The Bookkeeper

See how the shelves are lined with books of every size and shape. They have no titles here, only names. Look, that shelf just to your right, on the lower shelf, it’s a small book. Red cover. Small words. Young Thomas Mann. Please, pick it up, take a look. No? It’s not to everybody’s taste. It was only written in a few days, not much thought went into it before the author finished.

Lets keep going, shall we?

You’ll notice some books are newer than others, some far thicker, some almost too thin to be a book at all. For a time we held a section entirely composed of leaflets, but we gave up the endeavor to catalogue our books by year, rather than length. Some things, you know, are just too predictable, and others are simply too constant. There will always be brief stories. And yet, they are sometimes the brightest, most sincere. However, as you may find as you look about, the lengths have been growing steadily longer for quite some time. The curator upstairs tend to think it’s a trend that’ll be reversing soon. We shall see.

In any case, what is your preference? Would you rather the vibrant ones, rich with detail and vivacious prose? They’re thrillers, in a way, strewn with velocity but sometimes lacking any genuine conflict. There are others, mind you, with a bit more wisdom, rather, a touch more timelessness: They may have softer covers, seem bound from a time before ours, the words dense with vicarious longing, drawn out and slow, a relaxed pace fit for nightly pleasures. Oh, look, just consider these two: Courtney Brown, a bright piece that’ll surely make you feel for her, and then Malcolm Jones, that might as well be a history if you make it through.

Still not piquing your fancy? Don’t worry, though, we’ll all end up on these shelves eventually–whether you want it or not, authorship is inevitable in the library of life.

Advertisements

Defining Lines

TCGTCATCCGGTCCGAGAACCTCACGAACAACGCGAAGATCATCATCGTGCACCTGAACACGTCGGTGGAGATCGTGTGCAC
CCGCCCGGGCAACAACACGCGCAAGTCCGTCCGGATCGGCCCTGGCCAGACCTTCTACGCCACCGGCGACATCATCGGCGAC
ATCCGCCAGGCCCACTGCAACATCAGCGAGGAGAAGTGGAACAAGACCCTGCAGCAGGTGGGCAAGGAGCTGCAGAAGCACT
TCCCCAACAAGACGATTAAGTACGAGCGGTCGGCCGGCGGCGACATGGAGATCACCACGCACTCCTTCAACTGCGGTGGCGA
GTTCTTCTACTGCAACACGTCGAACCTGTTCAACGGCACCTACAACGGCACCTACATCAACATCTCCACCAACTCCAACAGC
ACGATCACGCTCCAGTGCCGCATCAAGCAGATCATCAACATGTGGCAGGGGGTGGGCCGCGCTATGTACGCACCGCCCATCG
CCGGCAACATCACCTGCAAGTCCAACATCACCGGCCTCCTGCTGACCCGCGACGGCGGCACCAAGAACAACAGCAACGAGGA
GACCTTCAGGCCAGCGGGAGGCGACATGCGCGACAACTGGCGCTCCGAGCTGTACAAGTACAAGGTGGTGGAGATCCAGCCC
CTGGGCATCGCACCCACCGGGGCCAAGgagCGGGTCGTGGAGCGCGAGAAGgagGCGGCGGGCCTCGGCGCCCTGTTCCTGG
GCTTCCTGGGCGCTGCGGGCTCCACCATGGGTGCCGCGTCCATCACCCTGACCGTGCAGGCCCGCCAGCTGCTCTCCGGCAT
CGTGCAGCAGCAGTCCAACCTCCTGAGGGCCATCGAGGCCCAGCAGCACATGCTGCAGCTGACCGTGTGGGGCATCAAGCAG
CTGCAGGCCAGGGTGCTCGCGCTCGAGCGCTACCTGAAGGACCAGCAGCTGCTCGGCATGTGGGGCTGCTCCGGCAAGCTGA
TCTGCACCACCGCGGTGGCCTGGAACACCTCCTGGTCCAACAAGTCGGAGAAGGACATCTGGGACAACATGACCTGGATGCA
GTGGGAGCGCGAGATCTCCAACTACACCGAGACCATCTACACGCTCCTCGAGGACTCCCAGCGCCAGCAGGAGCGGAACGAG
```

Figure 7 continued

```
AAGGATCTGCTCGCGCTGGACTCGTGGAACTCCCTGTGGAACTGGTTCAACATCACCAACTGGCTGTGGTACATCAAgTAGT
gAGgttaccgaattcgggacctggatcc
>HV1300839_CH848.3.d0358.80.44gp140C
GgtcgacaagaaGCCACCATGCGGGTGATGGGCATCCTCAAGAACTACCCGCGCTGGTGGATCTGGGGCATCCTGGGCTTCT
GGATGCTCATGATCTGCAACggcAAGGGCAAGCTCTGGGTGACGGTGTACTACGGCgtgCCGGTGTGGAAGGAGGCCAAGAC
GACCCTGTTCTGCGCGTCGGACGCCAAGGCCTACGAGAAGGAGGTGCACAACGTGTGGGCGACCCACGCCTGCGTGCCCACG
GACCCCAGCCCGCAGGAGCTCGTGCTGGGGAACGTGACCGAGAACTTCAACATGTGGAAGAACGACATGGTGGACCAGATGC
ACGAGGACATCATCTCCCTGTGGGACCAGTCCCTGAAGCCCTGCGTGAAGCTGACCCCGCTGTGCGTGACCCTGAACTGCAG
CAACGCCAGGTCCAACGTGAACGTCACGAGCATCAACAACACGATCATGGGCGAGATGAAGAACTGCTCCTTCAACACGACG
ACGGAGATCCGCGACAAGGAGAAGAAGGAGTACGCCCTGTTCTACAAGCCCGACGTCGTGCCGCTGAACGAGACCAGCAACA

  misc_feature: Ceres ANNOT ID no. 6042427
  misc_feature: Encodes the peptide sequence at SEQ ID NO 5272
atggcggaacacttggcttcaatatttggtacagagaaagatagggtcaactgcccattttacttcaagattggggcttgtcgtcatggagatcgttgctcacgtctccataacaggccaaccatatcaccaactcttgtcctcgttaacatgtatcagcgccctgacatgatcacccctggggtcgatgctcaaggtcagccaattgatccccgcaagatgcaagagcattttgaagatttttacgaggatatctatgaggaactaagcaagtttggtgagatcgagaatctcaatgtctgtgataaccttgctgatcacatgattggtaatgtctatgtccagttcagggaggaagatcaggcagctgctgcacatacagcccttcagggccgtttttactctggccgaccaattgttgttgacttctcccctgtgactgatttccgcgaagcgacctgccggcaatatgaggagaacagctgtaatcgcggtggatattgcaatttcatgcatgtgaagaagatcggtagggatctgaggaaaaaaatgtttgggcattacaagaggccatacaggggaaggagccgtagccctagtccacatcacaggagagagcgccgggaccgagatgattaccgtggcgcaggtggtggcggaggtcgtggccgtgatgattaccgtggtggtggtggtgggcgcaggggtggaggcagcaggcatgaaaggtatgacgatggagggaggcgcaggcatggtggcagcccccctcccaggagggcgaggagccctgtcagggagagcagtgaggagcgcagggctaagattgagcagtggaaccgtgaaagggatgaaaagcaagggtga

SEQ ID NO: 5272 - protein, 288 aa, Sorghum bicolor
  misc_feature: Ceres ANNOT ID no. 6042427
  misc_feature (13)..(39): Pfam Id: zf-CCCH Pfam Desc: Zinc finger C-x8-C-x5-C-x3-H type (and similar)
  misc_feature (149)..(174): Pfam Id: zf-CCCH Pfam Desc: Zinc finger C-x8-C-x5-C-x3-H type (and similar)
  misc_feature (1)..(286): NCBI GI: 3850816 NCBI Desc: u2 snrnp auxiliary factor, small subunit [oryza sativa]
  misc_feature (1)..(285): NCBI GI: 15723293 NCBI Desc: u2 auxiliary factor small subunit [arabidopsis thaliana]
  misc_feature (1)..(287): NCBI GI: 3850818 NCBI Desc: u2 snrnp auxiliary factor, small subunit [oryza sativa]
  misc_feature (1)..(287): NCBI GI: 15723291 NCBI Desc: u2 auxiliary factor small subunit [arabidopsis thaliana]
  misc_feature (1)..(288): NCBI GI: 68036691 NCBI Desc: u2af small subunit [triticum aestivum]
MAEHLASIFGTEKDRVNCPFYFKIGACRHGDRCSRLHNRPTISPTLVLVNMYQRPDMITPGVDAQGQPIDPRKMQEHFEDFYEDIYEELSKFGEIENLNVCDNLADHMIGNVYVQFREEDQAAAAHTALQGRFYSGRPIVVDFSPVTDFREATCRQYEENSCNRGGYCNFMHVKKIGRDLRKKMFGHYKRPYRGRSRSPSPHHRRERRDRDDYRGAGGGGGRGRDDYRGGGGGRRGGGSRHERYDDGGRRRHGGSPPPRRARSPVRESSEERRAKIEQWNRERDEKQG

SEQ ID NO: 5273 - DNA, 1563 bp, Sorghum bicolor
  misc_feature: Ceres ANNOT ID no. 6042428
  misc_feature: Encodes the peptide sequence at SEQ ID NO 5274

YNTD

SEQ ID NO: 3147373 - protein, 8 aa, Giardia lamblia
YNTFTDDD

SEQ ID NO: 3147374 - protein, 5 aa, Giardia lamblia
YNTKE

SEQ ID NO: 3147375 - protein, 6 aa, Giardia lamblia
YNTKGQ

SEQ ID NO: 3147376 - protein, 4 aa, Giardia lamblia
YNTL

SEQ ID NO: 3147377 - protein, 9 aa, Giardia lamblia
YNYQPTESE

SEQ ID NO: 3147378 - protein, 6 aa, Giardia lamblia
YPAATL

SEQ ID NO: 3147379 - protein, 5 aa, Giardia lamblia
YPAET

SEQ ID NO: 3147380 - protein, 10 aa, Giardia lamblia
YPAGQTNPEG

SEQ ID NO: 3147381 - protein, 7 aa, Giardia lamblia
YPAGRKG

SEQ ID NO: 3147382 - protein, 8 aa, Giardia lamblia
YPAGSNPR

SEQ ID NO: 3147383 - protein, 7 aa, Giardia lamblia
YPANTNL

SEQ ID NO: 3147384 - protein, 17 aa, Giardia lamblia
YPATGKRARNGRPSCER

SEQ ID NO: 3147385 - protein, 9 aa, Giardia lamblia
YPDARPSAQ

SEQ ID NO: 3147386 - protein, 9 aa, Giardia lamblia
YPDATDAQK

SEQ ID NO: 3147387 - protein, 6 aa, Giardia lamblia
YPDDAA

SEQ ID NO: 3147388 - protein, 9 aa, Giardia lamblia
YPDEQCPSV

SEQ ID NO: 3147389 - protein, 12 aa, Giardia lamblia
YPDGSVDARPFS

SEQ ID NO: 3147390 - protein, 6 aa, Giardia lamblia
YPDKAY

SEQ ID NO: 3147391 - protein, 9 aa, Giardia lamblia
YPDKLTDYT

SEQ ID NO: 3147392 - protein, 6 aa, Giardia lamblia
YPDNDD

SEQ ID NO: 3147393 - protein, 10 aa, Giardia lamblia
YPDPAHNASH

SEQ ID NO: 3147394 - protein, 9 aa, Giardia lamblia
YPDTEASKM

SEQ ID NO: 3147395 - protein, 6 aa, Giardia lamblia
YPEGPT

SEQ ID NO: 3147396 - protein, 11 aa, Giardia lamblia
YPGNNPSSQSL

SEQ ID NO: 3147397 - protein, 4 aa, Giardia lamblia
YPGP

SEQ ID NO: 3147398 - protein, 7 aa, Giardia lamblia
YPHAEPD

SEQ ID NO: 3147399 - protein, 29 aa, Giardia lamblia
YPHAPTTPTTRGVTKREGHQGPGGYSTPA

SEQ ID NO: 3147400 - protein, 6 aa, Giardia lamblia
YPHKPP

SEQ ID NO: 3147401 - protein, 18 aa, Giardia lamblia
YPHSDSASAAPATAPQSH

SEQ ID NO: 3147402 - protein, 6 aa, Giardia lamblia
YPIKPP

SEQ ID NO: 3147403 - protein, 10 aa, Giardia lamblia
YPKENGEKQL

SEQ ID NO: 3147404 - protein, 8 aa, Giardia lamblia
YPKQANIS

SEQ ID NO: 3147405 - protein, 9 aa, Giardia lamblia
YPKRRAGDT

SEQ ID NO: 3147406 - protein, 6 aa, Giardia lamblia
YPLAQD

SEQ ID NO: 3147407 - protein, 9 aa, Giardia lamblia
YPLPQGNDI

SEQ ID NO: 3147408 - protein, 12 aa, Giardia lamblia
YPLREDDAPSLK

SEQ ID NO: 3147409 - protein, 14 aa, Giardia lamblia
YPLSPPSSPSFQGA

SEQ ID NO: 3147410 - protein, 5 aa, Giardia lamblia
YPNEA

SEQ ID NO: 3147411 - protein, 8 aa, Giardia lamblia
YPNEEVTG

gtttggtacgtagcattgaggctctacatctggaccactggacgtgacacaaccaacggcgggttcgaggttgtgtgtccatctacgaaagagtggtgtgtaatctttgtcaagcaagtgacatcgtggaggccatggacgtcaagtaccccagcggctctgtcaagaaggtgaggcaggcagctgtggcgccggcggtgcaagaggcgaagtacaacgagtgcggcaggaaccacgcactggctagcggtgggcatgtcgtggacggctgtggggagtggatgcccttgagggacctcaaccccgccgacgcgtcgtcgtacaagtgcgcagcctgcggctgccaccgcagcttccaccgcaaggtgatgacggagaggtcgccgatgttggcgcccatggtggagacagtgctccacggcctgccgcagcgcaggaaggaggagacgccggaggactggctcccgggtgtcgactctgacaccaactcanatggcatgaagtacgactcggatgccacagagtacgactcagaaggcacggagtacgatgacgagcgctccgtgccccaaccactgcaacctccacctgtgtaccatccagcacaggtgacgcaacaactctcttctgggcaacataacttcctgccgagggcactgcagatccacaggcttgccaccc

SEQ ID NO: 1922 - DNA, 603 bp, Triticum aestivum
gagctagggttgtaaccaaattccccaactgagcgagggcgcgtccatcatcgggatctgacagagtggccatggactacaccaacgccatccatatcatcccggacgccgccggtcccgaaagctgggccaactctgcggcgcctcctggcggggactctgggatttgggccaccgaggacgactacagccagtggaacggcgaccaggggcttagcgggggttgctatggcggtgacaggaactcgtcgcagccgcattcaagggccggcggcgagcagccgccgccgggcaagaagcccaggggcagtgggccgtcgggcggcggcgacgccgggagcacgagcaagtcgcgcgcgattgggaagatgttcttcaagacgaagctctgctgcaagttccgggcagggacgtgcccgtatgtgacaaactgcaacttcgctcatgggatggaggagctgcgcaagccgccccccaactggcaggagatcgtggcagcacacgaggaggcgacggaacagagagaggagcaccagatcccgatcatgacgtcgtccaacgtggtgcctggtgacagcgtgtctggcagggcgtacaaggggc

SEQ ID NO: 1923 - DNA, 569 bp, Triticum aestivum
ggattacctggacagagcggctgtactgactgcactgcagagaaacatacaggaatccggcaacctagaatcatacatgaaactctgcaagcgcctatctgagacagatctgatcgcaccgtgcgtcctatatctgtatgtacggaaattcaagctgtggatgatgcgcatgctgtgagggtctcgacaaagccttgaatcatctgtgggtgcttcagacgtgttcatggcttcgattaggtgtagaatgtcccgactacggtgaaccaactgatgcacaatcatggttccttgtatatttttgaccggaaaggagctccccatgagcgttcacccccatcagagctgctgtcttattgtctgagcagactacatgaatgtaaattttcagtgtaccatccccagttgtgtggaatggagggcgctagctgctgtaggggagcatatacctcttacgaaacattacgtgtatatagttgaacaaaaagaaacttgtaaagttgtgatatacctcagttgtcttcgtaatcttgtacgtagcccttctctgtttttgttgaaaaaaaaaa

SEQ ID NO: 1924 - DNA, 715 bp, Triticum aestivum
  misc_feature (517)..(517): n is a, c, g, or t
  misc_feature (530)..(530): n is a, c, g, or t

Two points define a line
like lines define movies
“You had me at hello”
or maybe, baby
nobody puts you in a corner
and a corner, perfectly shaped
is sharper than words
and words, perfectly forged
are sharper than swords
and you stabbed me, baby
with a pen to the aorta
and thick, black ink poured out
formed a puddle in my hands
and two hands define a body
define a man, because actions
speak louder than words
and words spin with angles
and angles make corners
and two corners, perfectly shaped
form a line, and one line
is all you remember.

NaNo 14: Story 2

My first two stories this month have stretched longer than anticipated, so I’m not sure if I’ll actually reach thirty stories…for now, I’m more focused upon writing good stories. (And if I must, I can reach thirty with a mad-dash of flash fiction at the end.)

This story was inspired by a dear friend who has given me prompts in the past: both prompts were serious in nature, but magic seeped into the stories nonetheless (inspiring “Sunday Sails Away” and “The Man Behind the Camera,” respectively).

This time, the prompt they gave me began with magic–and since they shared so many magical moments with me in the past, even more magic slipped in and the story found a place within my mythology–in fact, it tethered to this series of tales another story idea I’ve had for probably a decade or so, and in writing this, it has become my first contemporary tale in the mythos. (Yes, some of this mythology continues today, in this world.)